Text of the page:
Image shows a photograph of a woman's head and shoulders, reclining with neck on a Noffa pillow. Above her sleeping head are three icons indicating the benefits of using the pillow

Noffa Memory Foam Pillow with Breathable Cover

  • Queen-sized pillow for extra comfort
  • Curved Ergonomic design
  • Anti-allergen covering



Image shows Tempur rectangular pillow in the centre, with pillow features encircled around the sidesBonmedico Supreme Pillow With Bamboo Pillowcase

  • Gel memory foam provides extra support and keeps you cool
  • Washable Bamboo cover is dust and mite resistant, and helps regulate body temperature
  • Traditional shape and size pillow, so can be used with your regular bedding



2. Use Blankets Instead of Duvets

A general tip if you are struggling to get a good night’s sleep is to consider removing your duvet and instead opting for a selection of blankets. Duvets, especially synthetic ones, are not great at regulating your body heat as you sleep, therefore it should be considered that layering with blankets may offer a more consistent temperature whilst you rest. Also blankets can be much safer and easier to remove for people who struggle to manoeuvre themselves whilst lying down.


3. The Inimitable, Essential Trabasack Bed Tray

person in bed with a trabasack lap tray and a laptop on it

Blogger Danni in bed with a trabasack

The Trabasack is a unique bag and tray in one, designed specifically with disabled people in mind, that has a plethora of wide-ranging uses. It is the ideal companion to those whom have to spend lengthy periods of time in bed, and absolutely perfect for evening and morning use as a bed tray.
The most suitable models of Trabasack for use as a bed tray are the Trabasack Mini and Trabasack Curve; each being available with two tray surface types – both with their own merits that will help make your life easier!

Image shows a photograph of the Trabasack Mini with a cup and pad and pen on the tray surfaceThe Trabasack Mini is the most compact, lightweight model in the Trabasack family, and it’s rectangular shape and firm faux-leather tray surface makes it ideal for use with laptops and other tasks such as drawing or writing in bed.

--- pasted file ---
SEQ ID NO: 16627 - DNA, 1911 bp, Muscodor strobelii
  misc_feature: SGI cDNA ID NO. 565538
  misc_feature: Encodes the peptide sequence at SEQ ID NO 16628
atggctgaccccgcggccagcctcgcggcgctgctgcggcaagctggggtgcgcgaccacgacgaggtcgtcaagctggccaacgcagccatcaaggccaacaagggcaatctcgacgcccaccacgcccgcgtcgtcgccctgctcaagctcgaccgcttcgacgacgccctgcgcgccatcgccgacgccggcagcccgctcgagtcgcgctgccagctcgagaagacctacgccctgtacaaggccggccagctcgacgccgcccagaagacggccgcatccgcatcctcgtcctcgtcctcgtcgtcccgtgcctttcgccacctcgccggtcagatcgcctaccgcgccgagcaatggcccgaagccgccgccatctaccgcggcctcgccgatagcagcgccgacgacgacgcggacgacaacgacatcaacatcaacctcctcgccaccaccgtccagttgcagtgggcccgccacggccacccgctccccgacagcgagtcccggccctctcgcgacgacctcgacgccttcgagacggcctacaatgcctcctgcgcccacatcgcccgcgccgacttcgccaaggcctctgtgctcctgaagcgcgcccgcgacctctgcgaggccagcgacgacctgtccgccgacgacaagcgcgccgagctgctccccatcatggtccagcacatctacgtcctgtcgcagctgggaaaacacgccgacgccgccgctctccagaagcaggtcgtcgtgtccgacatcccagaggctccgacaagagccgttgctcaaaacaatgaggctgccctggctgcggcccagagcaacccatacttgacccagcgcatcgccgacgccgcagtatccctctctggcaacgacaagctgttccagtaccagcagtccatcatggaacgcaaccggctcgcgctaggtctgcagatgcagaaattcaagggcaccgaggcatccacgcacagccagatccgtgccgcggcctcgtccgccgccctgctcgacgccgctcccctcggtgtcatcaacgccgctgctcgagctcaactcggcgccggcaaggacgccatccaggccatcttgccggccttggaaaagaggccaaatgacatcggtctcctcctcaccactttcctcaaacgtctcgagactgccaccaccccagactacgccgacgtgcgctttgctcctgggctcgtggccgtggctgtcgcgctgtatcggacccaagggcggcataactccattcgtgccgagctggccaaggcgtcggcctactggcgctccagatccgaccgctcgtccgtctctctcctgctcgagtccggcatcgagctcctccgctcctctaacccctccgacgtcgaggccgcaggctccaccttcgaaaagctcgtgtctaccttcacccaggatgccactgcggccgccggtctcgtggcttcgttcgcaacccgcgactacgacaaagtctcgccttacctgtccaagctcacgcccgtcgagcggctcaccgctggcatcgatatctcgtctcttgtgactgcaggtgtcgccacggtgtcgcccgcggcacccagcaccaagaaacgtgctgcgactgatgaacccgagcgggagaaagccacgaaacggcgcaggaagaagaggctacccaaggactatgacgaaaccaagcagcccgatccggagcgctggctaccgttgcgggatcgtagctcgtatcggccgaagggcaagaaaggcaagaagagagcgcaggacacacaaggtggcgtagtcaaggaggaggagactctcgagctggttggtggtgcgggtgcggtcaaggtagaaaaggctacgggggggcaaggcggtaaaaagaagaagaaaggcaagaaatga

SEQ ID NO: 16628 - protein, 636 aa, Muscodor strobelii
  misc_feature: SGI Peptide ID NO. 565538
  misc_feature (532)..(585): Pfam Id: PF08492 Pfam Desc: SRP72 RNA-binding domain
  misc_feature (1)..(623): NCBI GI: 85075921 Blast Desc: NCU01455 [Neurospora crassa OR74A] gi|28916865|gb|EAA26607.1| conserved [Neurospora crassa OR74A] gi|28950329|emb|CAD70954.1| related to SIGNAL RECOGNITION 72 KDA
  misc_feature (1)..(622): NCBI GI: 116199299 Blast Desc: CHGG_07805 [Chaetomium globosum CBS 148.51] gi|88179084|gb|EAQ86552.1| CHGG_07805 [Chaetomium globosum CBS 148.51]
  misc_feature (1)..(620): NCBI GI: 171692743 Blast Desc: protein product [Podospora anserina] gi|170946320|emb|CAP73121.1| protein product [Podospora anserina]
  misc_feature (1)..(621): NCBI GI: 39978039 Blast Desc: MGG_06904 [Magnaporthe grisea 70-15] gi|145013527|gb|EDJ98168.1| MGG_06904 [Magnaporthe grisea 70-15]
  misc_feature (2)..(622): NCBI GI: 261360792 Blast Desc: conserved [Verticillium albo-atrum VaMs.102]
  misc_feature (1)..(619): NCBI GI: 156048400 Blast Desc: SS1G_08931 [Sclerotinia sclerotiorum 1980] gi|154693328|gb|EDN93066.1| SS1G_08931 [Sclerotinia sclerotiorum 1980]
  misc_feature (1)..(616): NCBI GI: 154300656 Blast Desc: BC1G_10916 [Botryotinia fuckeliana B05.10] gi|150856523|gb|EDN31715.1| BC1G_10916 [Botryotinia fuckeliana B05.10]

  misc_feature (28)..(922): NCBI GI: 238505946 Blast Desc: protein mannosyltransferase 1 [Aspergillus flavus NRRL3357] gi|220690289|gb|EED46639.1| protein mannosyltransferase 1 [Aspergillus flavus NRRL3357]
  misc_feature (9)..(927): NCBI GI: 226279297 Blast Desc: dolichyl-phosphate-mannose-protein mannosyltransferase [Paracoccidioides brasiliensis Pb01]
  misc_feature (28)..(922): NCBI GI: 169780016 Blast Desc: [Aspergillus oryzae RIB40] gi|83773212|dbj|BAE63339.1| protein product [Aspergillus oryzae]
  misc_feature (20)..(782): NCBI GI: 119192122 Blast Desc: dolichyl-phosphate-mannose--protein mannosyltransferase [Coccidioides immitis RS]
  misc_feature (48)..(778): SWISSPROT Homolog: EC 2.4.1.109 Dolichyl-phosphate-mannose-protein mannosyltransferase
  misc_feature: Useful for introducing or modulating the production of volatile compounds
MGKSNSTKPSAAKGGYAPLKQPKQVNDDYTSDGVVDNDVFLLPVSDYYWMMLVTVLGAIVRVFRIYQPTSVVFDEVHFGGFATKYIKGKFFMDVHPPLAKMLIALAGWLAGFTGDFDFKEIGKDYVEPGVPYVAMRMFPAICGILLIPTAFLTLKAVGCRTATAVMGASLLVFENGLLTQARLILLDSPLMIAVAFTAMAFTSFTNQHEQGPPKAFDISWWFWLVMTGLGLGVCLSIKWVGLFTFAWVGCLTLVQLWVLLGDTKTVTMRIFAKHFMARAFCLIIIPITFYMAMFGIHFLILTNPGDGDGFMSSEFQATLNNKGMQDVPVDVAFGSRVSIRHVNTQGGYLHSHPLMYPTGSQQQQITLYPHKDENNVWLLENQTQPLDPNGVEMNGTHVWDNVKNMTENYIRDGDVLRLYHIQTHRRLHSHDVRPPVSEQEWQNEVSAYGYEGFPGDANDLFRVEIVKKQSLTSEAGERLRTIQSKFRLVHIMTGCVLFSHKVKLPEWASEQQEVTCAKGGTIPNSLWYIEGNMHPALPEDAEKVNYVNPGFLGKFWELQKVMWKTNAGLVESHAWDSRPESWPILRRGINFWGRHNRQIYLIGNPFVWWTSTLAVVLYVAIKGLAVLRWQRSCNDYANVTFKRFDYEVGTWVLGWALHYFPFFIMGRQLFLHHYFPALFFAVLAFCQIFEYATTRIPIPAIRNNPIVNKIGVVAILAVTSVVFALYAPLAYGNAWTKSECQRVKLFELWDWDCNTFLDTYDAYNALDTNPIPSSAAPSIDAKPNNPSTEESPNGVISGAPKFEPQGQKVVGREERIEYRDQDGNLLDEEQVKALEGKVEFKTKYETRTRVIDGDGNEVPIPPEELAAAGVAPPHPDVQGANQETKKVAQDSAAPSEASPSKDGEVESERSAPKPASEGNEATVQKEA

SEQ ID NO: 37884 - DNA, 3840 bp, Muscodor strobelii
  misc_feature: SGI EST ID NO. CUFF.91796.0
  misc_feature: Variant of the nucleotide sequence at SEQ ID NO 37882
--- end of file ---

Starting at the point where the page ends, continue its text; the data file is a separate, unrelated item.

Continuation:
As with all Trabasacks, the Mini has a zip-up internal bag compartment that is perfect for keeping any essentials you may need for bed, such as your favourite book, reading glasses, medication, remote controls or phones.

Image shows a photograph of the Trabasack Mini with a laptop on the tray surface

The handy carry-bag style of the Mini and the Curve makes them perfect for taking around the house, and can be filled with your desired items that are needed in preparation for you going to bed.

Image shows a photograph of Trabasack Curve bags in various trim colours, stood on end and lined-up one behind anotherThe Trabasack Curve has an ergonomic, waist-hugging design that means it sits close around you whilst in use. The curved shape along with the quick-release side straps makes it a good choice for anyone who needs that little bit of extra security to ensure the tray and items on top stay close to hand.

The traditional Trabasack Curve has a firm faux-leather tray surface like the Mini, and also includes a beanbag insert that ensures the tray remains steady and comfortable upon your lap whilst in use.

Image shows a photograph of the Trabasack Curve with a cup and an apple on top of the tray surface, on a white backgroundThe Trabasack Curve Connect, and the Mini Connect have been created with a velcro-receptive tray surface – meaning you can safely and securely attach a multitude of items to the tray-top without fear of them falling over, falling off or just getting lost in your bed.

Using Trabasack sticky-back hook tapes, you can adhere strips simply and quickly to any item you need to secure, such as plates, remote controls or tablet computers, to make sure they stay in place.